Why Bother Becoming a Bank?


Last week the Federal Reserve Board gave GMAC, the mostly spun-off financial arm of General Motors, permission to become a bank. According to The New York Times, that change "will allow GMAC to tap as much as $6 billion in government bailout money"—i.e., "funds from the $700 billion financial rescue package," a.k.a. the Troubled Asset Relief Program (TARP). Today the Times reports that GMAC, which loans money to car dealers and buyers, is trying to satisfy the conditions for its transformation into a bank. Among other things, it has to convert 75 percent of its debt into equity and shrink the share of the company owned by G.M. from 49 percent to less than 10 percent. The Times again notes that the main point of becoming a bank is to "gain access to billions of dollars in government aid," including "as much as $6 billion" from TARP. Under the Emergency Economic Stabilization Act (PDF), a business can receive TARP money only if it is a "financial institution," such as "a bank, savings association, credit union, security broker or dealer, or insurance company."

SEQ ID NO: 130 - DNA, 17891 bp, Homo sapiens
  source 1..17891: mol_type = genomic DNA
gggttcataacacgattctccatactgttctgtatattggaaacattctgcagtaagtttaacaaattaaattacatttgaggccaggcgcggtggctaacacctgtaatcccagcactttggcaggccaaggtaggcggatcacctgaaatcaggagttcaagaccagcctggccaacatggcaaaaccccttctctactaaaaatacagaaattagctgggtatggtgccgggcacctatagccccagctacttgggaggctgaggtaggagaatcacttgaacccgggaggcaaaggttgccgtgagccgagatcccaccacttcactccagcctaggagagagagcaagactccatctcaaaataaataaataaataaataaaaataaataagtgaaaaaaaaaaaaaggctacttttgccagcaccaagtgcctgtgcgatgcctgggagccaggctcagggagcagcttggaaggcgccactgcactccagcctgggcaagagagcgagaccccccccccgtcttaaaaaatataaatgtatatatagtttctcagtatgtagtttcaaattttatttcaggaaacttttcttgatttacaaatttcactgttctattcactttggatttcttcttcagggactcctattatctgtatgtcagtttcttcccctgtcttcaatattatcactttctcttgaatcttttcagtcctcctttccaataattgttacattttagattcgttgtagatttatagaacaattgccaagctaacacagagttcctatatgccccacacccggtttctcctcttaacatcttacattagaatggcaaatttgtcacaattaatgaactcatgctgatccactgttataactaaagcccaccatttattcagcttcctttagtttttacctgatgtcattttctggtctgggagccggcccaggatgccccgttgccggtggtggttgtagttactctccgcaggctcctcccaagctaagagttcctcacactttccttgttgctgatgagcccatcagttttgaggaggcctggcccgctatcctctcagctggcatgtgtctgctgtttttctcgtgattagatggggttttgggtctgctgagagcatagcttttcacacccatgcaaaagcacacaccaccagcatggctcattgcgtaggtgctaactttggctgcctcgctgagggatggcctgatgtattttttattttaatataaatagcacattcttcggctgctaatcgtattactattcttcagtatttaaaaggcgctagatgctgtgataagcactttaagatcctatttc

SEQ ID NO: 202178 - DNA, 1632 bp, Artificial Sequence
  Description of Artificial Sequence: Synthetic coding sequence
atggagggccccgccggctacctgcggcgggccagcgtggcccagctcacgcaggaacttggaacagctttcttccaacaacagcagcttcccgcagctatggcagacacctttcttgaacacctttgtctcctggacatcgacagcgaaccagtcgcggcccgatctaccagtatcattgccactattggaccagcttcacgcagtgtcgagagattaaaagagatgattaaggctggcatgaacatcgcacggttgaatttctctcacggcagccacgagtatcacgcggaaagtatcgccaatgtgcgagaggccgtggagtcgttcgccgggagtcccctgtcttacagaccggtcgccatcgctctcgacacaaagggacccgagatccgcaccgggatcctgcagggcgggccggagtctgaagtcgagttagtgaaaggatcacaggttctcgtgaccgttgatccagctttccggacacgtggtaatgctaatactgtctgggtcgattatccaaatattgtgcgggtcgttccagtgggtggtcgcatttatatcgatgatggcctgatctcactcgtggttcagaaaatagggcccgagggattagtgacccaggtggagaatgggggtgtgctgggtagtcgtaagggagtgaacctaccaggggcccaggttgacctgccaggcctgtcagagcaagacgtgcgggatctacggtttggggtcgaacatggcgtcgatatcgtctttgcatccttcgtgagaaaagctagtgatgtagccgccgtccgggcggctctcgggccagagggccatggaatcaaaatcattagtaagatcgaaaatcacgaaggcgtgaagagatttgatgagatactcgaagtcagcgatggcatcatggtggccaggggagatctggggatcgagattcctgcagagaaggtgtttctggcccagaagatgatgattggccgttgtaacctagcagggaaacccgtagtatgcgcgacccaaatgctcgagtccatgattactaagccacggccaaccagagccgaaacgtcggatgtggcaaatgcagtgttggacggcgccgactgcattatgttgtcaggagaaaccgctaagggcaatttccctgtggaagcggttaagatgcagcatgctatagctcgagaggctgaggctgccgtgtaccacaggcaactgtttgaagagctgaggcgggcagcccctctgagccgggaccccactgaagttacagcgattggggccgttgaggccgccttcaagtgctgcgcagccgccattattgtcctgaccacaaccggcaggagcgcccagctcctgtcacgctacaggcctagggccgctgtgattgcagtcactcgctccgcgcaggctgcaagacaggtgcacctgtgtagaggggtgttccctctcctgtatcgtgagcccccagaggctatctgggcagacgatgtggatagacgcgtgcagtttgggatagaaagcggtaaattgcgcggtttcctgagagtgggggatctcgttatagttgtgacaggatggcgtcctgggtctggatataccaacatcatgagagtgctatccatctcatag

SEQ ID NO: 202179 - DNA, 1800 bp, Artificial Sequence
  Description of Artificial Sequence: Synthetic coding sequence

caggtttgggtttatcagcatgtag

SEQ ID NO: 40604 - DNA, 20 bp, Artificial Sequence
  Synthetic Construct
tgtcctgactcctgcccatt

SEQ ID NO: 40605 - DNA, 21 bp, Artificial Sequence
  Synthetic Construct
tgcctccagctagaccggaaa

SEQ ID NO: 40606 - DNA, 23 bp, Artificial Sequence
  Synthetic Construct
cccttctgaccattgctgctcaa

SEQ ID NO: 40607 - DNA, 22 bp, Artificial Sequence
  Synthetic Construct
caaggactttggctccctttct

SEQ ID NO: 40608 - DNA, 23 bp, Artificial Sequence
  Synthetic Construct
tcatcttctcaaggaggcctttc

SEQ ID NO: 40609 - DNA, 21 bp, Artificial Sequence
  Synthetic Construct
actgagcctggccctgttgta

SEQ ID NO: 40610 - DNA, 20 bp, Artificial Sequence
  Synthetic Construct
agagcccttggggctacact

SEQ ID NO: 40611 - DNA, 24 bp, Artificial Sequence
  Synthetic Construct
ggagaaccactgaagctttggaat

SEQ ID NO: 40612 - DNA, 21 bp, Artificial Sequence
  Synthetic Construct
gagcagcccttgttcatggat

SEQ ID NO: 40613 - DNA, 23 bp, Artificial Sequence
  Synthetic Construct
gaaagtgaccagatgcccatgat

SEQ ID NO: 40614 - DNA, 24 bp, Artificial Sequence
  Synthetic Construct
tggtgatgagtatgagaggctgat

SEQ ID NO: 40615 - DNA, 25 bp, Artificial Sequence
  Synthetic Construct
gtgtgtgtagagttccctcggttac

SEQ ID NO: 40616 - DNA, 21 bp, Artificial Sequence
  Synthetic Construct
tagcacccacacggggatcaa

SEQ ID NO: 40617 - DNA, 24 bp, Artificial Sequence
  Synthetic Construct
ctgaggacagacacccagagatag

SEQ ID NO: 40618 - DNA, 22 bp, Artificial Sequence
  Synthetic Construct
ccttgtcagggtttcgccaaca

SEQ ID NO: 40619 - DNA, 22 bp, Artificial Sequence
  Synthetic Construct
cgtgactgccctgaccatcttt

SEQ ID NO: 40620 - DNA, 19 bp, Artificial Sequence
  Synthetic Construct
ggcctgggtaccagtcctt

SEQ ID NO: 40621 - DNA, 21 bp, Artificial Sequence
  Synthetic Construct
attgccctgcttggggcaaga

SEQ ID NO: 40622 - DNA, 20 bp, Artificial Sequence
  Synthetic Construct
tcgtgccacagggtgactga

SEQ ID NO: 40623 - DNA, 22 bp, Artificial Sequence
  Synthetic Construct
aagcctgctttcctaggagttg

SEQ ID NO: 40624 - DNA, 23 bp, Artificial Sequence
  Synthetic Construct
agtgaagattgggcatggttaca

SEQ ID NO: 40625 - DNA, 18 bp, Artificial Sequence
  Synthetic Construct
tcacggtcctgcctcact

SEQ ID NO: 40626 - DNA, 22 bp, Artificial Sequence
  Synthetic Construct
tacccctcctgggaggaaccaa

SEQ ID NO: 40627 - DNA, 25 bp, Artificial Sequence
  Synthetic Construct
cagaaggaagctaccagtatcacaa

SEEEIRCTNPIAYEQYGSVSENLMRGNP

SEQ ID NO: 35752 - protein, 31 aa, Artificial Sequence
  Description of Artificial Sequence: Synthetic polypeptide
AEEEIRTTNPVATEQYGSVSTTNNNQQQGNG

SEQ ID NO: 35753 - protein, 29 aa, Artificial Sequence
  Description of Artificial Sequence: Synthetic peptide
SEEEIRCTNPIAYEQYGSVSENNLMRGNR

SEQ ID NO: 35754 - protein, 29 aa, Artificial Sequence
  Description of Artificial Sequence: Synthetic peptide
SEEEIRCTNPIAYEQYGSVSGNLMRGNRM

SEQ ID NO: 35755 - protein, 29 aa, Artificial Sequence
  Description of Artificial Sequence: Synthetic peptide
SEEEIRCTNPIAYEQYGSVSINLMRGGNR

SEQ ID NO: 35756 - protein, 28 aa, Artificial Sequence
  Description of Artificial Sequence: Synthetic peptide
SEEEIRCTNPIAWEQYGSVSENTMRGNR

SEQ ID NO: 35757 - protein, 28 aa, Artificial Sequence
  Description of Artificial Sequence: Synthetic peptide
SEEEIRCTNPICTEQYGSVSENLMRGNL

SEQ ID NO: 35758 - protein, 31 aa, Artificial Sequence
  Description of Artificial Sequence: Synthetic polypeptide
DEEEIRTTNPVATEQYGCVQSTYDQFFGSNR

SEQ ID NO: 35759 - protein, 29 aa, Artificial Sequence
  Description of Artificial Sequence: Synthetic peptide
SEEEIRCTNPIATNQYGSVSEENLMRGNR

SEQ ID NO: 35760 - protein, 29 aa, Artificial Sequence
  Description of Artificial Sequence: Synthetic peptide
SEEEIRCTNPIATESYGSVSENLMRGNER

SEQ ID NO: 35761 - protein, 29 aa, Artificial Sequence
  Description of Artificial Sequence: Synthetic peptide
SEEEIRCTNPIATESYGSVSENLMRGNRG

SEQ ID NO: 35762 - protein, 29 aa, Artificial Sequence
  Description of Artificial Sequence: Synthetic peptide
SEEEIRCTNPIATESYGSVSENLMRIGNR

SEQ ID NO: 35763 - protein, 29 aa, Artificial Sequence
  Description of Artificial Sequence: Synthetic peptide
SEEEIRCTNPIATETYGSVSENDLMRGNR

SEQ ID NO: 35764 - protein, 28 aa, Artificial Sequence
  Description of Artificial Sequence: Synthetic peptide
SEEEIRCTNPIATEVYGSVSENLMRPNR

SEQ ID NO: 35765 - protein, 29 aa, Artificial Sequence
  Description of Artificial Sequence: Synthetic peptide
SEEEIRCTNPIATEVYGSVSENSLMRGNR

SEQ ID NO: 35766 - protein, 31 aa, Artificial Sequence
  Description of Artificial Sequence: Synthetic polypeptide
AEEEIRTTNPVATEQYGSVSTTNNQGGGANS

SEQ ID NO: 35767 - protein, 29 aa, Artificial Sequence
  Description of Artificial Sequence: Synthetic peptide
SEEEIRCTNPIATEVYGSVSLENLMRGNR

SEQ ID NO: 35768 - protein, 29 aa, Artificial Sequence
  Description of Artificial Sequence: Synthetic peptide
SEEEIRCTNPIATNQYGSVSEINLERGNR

Question: Why is GMAC going to all this trouble when G.M. itself, along with Chrysler, somehow qualified as a financial institution, thereby allowing the Bush administration to unilaterally lend it money? If carmakers count as financial institutions, pretty much any business does, so why bother taking the steps necessary to become a bank? Since the Bush administration has shown time and time again that it is prepared to ignore the law when complying with it is inconvenient, why pretend that the law actually matters?